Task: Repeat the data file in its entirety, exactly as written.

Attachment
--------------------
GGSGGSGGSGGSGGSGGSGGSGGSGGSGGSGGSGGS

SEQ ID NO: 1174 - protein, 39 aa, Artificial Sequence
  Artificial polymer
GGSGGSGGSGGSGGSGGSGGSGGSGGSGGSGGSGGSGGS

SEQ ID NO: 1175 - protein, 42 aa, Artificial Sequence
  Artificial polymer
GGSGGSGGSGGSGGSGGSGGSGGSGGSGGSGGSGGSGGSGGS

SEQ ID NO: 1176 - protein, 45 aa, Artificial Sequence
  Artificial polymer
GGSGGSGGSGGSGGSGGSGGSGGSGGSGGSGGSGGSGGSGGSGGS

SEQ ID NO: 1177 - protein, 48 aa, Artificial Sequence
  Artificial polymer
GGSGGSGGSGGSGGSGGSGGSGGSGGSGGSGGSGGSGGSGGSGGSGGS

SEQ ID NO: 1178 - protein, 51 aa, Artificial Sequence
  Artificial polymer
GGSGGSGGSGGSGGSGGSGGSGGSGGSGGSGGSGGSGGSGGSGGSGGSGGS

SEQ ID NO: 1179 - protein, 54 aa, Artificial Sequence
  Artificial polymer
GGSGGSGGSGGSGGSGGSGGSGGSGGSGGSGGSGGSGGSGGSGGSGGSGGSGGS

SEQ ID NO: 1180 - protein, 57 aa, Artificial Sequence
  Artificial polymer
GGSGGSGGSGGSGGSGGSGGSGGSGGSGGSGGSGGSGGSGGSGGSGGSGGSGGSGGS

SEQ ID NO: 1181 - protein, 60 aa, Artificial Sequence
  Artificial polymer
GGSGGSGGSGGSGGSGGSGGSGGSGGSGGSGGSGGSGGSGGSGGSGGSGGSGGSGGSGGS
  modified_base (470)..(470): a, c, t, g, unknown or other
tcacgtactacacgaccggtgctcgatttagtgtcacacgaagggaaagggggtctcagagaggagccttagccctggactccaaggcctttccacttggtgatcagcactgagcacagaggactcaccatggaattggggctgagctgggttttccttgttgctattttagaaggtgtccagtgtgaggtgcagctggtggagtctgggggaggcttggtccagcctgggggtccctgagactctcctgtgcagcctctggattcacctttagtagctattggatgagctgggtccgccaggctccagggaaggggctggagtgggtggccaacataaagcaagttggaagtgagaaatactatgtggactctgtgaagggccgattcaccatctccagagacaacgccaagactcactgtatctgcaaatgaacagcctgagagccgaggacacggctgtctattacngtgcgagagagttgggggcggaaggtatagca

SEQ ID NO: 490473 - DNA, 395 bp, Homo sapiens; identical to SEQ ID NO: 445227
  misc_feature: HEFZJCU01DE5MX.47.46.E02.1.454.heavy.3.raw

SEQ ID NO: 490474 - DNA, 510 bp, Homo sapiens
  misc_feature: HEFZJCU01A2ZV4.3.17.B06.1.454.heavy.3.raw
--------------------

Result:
GGSGGSGGSGGSGGSGGSGGSGGSGGSGGSGGSGGS

SEQ ID NO: 1174 - protein, 39 aa, Artificial Sequence
  Artificial polymer
GGSGGSGGSGGSGGSGGSGGSGGSGGSGGSGGSGGSGGS

SEQ ID NO: 1175 - protein, 42 aa, Artificial Sequence
  Artificial polymer
GGSGGSGGSGGSGGSGGSGGSGGSGGSGGSGGSGGSGGSGGS

SEQ ID NO: 1176 - protein, 45 aa, Artificial Sequence
  Artificial polymer
GGSGGSGGSGGSGGSGGSGGSGGSGGSGGSGGSGGSGGSGGSGGS

SEQ ID NO: 1177 - protein, 48 aa, Artificial Sequence
  Artificial polymer
GGSGGSGGSGGSGGSGGSGGSGGSGGSGGSGGSGGSGGSGGSGGSGGS

SEQ ID NO: 1178 - protein, 51 aa, Artificial Sequence
  Artificial polymer
GGSGGSGGSGGSGGSGGSGGSGGSGGSGGSGGSGGSGGSGGSGGSGGSGGS

SEQ ID NO: 1179 - protein, 54 aa, Artificial Sequence
  Artificial polymer
GGSGGSGGSGGSGGSGGSGGSGGSGGSGGSGGSGGSGGSGGSGGSGGSGGSGGS

SEQ ID NO: 1180 - protein, 57 aa, Artificial Sequence
  Artificial polymer
GGSGGSGGSGGSGGSGGSGGSGGSGGSGGSGGSGGSGGSGGSGGSGGSGGSGGSGGS

SEQ ID NO: 1181 - protein, 60 aa, Artificial Sequence
  Artificial polymer
GGSGGSGGSGGSGGSGGSGGSGGSGGSGGSGGSGGSGGSGGSGGSGGSGGSGGSGGSGGS
  modified_base (470)..(470): a, c, t, g, unknown or other
tcacgtactacacgaccggtgctcgatttagtgtcacacgaagggaaagggggtctcagagaggagccttagccctggactccaaggcctttccacttggtgatcagcactgagcacagaggactcaccatggaattggggctgagctgggttttccttgttgctattttagaaggtgtccagtgtgaggtgcagctggtggagtctgggggaggcttggtccagcctgggggtccctgagactctcctgtgcagcctctggattcacctttagtagctattggatgagctgggtccgccaggctccagggaaggggctggagtgggtggccaacataaagcaagttggaagtgagaaatactatgtggactctgtgaagggccgattcaccatctccagagacaacgccaagactcactgtatctgcaaatgaacagcctgagagccgaggacacggctgtctattacngtgcgagagagttgggggcggaaggtatagca

SEQ ID NO: 490473 - DNA, 395 bp, Homo sapiens; identical to SEQ ID NO: 445227
  misc_feature: HEFZJCU01DE5MX.47.46.E02.1.454.heavy.3.raw

SEQ ID NO: 490474 - DNA, 510 bp, Homo sapiens
  misc_feature: HEFZJCU01A2ZV4.3.17.B06.1.454.heavy.3.raw